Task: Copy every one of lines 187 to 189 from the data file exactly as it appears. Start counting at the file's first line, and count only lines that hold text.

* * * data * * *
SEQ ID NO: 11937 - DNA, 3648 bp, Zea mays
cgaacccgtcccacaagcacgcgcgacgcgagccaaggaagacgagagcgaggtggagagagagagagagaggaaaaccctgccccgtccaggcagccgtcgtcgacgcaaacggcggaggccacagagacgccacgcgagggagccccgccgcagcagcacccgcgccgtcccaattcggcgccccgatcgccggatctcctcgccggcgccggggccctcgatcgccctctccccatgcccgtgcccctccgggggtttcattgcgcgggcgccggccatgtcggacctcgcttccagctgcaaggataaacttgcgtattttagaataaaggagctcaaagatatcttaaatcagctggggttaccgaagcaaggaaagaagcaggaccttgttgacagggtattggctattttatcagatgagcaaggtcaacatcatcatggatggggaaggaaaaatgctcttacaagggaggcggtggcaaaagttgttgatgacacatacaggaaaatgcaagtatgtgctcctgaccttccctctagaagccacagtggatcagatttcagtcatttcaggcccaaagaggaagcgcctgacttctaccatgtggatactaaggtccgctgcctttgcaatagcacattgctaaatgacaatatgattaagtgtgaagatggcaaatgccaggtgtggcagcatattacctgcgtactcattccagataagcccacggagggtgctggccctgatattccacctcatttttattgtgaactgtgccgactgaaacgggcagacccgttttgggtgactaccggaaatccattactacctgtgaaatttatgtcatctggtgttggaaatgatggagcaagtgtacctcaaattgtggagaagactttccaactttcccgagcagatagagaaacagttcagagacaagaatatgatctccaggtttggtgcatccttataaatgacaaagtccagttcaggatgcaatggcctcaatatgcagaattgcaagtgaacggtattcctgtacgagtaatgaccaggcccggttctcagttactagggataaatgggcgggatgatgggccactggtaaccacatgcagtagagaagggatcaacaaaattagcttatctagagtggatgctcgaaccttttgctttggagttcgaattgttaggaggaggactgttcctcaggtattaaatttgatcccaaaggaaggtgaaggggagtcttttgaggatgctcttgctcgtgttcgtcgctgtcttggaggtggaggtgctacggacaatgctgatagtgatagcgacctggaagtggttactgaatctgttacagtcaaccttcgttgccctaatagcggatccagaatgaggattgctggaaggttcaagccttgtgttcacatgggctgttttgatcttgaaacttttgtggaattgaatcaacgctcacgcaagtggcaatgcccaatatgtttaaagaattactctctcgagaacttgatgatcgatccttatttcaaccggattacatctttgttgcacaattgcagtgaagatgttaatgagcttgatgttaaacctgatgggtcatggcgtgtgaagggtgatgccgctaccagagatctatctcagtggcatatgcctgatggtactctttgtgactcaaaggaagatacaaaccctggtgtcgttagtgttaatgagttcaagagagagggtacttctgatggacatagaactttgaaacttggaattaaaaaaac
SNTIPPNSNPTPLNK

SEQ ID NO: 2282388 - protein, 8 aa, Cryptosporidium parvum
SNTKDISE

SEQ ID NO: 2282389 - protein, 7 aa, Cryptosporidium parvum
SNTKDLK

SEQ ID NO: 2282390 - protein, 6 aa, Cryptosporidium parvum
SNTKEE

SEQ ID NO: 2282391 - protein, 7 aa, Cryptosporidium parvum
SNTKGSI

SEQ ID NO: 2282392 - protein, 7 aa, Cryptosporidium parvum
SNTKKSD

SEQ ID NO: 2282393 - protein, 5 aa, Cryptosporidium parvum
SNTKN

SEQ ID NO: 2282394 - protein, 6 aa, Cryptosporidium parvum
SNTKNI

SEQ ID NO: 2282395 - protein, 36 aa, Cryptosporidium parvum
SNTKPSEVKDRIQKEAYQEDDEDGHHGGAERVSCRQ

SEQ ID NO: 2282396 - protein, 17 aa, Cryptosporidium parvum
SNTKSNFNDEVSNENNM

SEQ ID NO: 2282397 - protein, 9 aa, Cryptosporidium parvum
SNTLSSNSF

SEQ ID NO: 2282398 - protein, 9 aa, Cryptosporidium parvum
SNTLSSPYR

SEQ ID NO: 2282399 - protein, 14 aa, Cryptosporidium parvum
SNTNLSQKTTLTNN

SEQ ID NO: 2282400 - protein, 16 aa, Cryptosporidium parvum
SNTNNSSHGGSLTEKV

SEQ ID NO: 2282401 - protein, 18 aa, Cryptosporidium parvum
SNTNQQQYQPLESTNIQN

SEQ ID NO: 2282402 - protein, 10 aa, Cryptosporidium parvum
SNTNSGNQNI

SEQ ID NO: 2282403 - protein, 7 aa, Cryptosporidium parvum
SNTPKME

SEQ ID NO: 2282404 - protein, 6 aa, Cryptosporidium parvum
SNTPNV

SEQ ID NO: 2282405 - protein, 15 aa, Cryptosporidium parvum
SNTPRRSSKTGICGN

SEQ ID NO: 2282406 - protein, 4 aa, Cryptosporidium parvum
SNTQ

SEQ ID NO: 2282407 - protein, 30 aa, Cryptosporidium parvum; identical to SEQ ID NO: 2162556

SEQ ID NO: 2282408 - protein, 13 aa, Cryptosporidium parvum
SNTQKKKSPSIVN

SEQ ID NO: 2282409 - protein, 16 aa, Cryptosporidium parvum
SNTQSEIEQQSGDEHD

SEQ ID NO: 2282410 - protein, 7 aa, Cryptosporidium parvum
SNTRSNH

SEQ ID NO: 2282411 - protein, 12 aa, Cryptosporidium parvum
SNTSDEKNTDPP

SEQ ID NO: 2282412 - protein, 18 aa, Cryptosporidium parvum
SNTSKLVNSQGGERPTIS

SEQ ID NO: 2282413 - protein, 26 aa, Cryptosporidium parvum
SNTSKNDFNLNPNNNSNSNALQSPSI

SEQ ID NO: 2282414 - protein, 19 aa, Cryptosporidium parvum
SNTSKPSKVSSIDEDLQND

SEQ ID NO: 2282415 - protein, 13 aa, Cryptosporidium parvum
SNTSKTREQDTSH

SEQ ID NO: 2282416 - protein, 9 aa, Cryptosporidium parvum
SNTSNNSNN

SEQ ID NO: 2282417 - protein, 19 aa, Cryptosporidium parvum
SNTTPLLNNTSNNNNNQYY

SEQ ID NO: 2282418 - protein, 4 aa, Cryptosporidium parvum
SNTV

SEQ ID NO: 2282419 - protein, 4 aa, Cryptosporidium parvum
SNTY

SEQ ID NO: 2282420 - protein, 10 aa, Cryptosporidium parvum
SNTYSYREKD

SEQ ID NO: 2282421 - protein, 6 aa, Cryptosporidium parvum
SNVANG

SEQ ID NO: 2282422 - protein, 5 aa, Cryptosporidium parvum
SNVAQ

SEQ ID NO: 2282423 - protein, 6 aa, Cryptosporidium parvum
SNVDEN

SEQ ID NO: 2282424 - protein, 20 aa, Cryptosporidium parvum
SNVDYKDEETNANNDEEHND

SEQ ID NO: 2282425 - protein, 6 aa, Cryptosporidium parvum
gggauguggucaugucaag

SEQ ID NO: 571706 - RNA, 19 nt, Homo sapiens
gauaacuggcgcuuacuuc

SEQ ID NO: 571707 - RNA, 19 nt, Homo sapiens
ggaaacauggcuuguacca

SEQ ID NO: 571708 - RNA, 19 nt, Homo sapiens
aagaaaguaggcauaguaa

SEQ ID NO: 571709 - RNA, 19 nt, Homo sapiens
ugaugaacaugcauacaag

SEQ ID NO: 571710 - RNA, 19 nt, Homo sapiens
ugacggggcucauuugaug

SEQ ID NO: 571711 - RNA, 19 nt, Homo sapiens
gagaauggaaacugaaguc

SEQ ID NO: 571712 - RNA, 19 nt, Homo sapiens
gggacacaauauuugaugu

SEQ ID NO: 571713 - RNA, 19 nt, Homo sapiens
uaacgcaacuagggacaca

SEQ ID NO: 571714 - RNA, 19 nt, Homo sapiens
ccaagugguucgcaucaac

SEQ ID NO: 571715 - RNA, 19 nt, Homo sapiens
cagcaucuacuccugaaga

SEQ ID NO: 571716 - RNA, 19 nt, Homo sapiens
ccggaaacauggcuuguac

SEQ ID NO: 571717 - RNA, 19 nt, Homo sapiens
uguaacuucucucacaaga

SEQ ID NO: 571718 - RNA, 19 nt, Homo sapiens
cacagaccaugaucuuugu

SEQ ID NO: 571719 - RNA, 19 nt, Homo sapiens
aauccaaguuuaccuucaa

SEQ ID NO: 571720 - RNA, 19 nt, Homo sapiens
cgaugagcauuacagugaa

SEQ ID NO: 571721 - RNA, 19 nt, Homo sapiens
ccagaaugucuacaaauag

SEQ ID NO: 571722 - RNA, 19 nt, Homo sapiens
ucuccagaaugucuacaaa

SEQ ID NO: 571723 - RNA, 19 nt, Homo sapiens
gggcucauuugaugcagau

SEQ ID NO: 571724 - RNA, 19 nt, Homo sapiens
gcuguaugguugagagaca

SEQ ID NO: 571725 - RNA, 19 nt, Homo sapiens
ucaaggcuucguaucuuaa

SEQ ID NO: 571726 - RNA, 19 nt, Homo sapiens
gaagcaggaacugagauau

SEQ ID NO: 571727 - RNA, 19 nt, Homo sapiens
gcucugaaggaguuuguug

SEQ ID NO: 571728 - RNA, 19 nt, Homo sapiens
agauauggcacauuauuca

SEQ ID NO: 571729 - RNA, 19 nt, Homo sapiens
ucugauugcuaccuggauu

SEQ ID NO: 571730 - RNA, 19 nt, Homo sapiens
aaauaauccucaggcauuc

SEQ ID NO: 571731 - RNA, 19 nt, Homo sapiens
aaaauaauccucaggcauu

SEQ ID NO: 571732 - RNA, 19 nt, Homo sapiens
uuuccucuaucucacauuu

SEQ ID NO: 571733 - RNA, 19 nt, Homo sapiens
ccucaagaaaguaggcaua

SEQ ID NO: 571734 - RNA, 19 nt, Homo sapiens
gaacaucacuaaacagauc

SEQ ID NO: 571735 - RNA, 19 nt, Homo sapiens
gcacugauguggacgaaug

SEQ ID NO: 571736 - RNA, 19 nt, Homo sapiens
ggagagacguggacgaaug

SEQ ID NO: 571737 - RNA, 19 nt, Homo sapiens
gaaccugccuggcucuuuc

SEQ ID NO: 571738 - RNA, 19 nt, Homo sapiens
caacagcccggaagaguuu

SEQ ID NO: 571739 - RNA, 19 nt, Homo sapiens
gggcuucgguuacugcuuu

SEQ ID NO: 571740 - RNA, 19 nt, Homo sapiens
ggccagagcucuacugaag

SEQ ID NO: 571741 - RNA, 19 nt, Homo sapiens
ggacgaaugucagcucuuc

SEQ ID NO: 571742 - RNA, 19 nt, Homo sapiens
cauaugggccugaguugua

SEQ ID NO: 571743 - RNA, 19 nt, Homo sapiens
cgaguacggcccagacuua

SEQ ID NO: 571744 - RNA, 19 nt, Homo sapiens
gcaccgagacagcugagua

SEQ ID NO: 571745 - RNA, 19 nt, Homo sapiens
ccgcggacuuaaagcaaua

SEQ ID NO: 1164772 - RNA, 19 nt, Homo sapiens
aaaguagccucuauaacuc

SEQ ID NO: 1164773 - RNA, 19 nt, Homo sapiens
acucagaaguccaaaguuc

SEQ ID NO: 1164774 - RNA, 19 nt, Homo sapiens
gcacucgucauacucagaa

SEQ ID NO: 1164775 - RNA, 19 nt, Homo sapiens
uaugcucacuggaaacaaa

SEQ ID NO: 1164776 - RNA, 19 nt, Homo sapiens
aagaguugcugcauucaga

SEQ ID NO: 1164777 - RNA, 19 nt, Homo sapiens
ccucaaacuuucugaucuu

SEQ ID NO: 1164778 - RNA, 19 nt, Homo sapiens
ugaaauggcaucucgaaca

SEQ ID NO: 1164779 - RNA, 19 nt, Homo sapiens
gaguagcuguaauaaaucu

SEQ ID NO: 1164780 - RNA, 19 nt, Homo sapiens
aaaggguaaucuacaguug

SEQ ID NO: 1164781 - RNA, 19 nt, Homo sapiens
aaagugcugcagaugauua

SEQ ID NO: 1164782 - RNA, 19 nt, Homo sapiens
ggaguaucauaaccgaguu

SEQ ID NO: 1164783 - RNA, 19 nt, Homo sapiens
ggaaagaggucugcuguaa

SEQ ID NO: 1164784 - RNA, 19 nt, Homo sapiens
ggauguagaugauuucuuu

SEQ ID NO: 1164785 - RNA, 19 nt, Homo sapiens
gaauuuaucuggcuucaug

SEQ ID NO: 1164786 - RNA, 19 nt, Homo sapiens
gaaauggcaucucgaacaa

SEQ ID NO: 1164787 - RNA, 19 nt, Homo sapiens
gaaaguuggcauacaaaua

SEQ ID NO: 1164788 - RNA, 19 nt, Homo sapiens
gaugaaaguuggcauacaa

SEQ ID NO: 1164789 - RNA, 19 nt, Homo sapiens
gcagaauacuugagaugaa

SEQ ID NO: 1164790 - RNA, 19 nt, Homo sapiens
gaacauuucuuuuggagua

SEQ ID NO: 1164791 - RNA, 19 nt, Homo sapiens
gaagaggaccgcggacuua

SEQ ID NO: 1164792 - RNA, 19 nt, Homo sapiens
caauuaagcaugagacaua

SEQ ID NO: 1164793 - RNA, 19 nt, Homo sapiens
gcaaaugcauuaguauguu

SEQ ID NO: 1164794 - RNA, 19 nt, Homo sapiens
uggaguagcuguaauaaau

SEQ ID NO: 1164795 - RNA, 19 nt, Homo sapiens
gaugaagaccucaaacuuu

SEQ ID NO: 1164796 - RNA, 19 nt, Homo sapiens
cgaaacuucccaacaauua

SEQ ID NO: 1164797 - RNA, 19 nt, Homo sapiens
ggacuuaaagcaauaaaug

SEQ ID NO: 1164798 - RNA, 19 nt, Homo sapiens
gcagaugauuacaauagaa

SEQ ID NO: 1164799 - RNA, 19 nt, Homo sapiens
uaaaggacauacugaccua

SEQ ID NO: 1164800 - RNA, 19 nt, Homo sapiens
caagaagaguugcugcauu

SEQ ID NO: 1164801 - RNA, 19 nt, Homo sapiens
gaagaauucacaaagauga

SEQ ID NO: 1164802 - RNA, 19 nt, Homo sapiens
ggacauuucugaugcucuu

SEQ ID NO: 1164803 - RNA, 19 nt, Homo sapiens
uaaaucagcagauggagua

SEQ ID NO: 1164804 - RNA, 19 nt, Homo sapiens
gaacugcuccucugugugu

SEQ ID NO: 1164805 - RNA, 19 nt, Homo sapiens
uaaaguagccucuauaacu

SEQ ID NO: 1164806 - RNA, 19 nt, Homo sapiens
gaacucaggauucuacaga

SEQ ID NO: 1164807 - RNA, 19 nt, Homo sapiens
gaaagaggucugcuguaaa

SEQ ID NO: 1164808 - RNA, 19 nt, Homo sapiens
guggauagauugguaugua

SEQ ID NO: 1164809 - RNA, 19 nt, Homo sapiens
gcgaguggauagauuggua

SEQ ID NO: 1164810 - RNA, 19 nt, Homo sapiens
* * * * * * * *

SEQ ID NO: 1164786 - RNA, 19 nt, Homo sapiens
gaaauggcaucucgaacaa

SEQ ID NO: 1164787 - RNA, 19 nt, Homo sapiens